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Tuesday, May 11, 2010

Portland City Hall + computers = endless fun

Here's an odd one out of the Portland fire bureau. They're going on a fishing expedition to see if they can find somebody to convert the bureau computer system from some homegrown products created using a now-obsolete Microsoft program to open source software. But they're not even offering a contract at this point -- they just want some free advice in the form of "information" to be submitted by potential future contract bidders.

Included in the unusual announcement were these bits of background:

[Portland Fire & Rescue]’s current information system provides information services to PF&R related to emergency incidents, fire inspections, station scheduling and many other operations (See Exhibit A). The applications that comprise the FIS were developed in-house by City staff for the Windows VB platform. Due to Microsoft’s termination of support for development on this platform, PF&R and [the Public Safety Systems Revitalization Program] are evaluating various options for ensuring that PF&R continues to have reliable and extensible information systems for the next seven to ten years....

The current PF&R information system is comprised of fourteen applications. Six applications are classified as "critical" or "core." This classification is based on the volume of users, nature of the information recorded in the system, need to meet State of Oregon and Federal reporting requirements and necessity to train staff, protect and provide safe equipment to emergency responders. The remaining eight applications are classified as "necessary." These applications collect, track and store data needed for managing the effective operation of PF&R. The applications access data in a collection of SQL databases, several of which are used by more than one application.

I believe by "Windows VB" they mean this, which drew this Wiki comment, among others:

Criticisms levelled at Visual Basic editions prior to VB.NET include:

* Versioning problems associated with various runtime DLLs, known as DLL hell
* Poor support for object-oriented programming
* Inability to create multi-threaded applications, without resorting to Windows API calls
* Inability to create Windows services
* Variant types have a greater performance and storage overhead than strongly typed programming languages
* Dependency on complex and fragile COM Registry entries
* The development environment is no longer supported by Microsoft

Converting the products of this tool looks like it could be a doozy. Better keep those fire extinguishers charged up, Portlanders.

Comments (7)


I am sure the citizens paid large dollars to some consultant way back when to recommend this product to the PFD.

Hello.... MicroSnot ended support for VB in April of 2008 and with years of notice. So two years after the software platform became unsupported the city thought to start taking action. Now that's what I call planning. Maybe someone should write a press release.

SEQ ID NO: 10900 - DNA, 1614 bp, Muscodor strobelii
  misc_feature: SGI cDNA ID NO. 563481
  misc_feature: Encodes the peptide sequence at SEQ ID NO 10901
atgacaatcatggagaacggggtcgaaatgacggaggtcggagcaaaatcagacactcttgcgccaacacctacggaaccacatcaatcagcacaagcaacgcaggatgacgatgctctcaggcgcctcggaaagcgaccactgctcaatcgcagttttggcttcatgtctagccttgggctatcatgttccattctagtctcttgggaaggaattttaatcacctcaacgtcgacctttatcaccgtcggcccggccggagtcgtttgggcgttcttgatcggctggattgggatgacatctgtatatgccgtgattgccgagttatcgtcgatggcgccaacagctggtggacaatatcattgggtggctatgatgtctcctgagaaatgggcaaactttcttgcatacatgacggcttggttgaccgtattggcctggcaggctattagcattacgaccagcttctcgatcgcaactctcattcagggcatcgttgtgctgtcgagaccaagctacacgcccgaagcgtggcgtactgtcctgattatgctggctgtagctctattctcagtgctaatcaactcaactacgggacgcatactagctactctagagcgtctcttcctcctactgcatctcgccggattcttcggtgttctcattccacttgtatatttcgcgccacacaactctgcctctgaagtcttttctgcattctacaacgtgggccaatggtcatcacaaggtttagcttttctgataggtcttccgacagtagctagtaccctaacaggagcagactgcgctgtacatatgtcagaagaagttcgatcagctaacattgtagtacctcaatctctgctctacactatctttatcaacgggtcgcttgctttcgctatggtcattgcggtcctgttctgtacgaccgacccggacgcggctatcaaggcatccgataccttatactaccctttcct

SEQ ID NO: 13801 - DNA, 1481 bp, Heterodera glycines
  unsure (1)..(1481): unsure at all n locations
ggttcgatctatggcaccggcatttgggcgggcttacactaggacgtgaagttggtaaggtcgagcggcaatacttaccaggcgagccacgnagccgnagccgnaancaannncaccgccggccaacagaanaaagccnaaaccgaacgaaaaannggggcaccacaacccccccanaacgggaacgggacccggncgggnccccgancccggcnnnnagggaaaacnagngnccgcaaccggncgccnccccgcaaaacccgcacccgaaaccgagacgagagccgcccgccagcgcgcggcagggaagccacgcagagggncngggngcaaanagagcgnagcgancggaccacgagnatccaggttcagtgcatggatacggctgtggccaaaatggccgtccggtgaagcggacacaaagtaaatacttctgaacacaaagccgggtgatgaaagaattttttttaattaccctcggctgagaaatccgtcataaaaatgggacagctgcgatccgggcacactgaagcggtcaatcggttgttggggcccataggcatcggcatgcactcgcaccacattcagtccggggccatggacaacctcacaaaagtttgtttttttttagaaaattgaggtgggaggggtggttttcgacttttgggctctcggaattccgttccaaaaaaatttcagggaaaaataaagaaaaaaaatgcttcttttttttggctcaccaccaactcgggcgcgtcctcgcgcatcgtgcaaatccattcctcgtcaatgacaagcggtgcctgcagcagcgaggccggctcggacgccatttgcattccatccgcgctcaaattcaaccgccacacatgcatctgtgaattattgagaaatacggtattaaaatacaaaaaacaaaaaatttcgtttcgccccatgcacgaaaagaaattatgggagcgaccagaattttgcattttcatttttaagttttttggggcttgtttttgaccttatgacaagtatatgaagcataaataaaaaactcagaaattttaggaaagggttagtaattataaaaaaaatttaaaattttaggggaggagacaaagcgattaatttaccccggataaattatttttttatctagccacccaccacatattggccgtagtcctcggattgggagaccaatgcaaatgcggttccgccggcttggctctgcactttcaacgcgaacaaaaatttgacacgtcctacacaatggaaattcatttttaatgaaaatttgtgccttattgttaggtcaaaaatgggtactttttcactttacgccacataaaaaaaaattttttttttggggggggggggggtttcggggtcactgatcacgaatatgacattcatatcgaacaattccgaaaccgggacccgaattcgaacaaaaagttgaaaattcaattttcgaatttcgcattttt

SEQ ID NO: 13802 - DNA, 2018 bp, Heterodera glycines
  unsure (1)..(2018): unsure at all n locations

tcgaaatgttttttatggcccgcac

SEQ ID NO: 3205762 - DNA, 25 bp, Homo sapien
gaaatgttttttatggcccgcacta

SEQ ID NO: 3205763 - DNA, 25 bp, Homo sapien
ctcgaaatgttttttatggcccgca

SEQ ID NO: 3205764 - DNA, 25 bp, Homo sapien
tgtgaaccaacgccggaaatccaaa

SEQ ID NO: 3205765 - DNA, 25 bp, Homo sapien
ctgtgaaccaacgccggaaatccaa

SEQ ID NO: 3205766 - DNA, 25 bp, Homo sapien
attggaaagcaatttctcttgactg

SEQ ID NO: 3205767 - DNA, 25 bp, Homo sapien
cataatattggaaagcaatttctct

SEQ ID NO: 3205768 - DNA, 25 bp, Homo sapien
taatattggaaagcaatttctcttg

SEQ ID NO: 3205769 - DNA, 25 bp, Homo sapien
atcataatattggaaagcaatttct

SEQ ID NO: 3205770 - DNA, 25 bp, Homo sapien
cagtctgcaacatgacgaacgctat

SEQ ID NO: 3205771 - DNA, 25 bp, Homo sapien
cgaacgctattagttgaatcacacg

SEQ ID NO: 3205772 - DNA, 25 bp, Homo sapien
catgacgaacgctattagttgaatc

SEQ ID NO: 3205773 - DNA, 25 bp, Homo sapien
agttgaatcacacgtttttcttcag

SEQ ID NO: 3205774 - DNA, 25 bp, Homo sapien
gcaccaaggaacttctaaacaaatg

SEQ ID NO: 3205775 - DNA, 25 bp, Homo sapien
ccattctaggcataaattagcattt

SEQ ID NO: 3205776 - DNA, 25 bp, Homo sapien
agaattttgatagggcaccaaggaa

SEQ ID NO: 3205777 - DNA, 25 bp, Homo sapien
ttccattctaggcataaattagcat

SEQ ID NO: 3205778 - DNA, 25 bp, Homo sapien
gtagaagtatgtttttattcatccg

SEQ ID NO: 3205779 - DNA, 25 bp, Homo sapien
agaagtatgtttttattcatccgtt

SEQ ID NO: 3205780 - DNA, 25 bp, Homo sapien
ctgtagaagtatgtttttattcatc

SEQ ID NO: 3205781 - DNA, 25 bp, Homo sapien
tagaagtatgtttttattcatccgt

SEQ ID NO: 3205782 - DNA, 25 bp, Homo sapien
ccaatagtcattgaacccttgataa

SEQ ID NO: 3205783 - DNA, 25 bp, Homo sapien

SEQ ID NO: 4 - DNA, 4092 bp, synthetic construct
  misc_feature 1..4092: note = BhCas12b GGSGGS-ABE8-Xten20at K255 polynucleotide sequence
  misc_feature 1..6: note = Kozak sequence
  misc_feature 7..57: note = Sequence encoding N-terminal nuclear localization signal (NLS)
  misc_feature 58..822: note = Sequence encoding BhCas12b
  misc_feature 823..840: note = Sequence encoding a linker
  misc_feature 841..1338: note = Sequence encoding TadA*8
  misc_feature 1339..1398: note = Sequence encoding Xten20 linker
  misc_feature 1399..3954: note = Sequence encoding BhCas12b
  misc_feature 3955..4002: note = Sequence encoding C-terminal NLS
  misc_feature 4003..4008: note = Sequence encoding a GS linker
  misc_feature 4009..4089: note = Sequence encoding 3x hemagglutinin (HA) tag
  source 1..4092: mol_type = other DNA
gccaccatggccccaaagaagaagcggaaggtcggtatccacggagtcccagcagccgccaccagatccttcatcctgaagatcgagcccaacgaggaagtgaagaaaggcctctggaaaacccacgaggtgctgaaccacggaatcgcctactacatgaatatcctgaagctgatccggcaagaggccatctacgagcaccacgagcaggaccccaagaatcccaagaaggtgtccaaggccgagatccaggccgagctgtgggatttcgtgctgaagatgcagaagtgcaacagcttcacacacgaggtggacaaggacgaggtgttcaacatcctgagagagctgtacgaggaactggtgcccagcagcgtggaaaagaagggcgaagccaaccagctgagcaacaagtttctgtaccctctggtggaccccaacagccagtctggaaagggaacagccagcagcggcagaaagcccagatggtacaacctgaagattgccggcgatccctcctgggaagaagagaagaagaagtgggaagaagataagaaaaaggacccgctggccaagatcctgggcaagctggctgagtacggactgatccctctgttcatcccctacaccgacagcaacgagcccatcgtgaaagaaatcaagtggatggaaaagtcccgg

As far as free RFIs to replace the platform, all this is pretty standard stuff in any IT shop. However, the cynic in me thinks it could be a set-up for a sweet RFD for someone.

They're hardy the only organization to be stuck in that jam.

VB seemed such an easy, approachable platform back in the day that lots of places - public and private - turned to it. Unfortunately, its heyday coincided with the dot-bubble runup, with its oversupply of newly-minted developers too inexperienced either to see the platform's limitations for enterprise use or to get managers to listen to them if they did see the limitations. (I was there, in the next trench over. My company's VB developer was so happy to be off the factory floor and coding for a living that he wasn't about to annoy his golden goose with some vague fear that a Microsoft product in 1998 wasn't such a great bet.)

In hindsight, we can see that the lucky organizations had their VB app development fail before deployment; the ones who persisted and went live are the ones which really got hosed.

On the bright side, many people learned many important lessons while making Open Source look gooood.

I would have bought some off the shelf program, probably hundreds exists, fired the "programmers" and implemented the sytem "vanilla" and optimized it. Most of what passes for customization in the Applications world is really laziness and unwillingness to change dumb stuff currently being done.

They should buy something off the market to replace what they have and spend their resources in implementation. It will be much cheaper and more supportable, and might even succeed for once.

The good news is that all the data is in a SQL database or five, from the sound of it.

Who cares what the front end is, as long as the data is accessible via a standard interface (SQL). Just bit-bucket the VB crap and make an internal web front-end with something big enough that it won't ever go away, like PHP.

This kind of thing happens over and over and over again in IT work. There's nothing to see here, unless the normal contract shenanigans happen...

Good news about the data, but that's only part of the story. Is the business logic stuck in VB?

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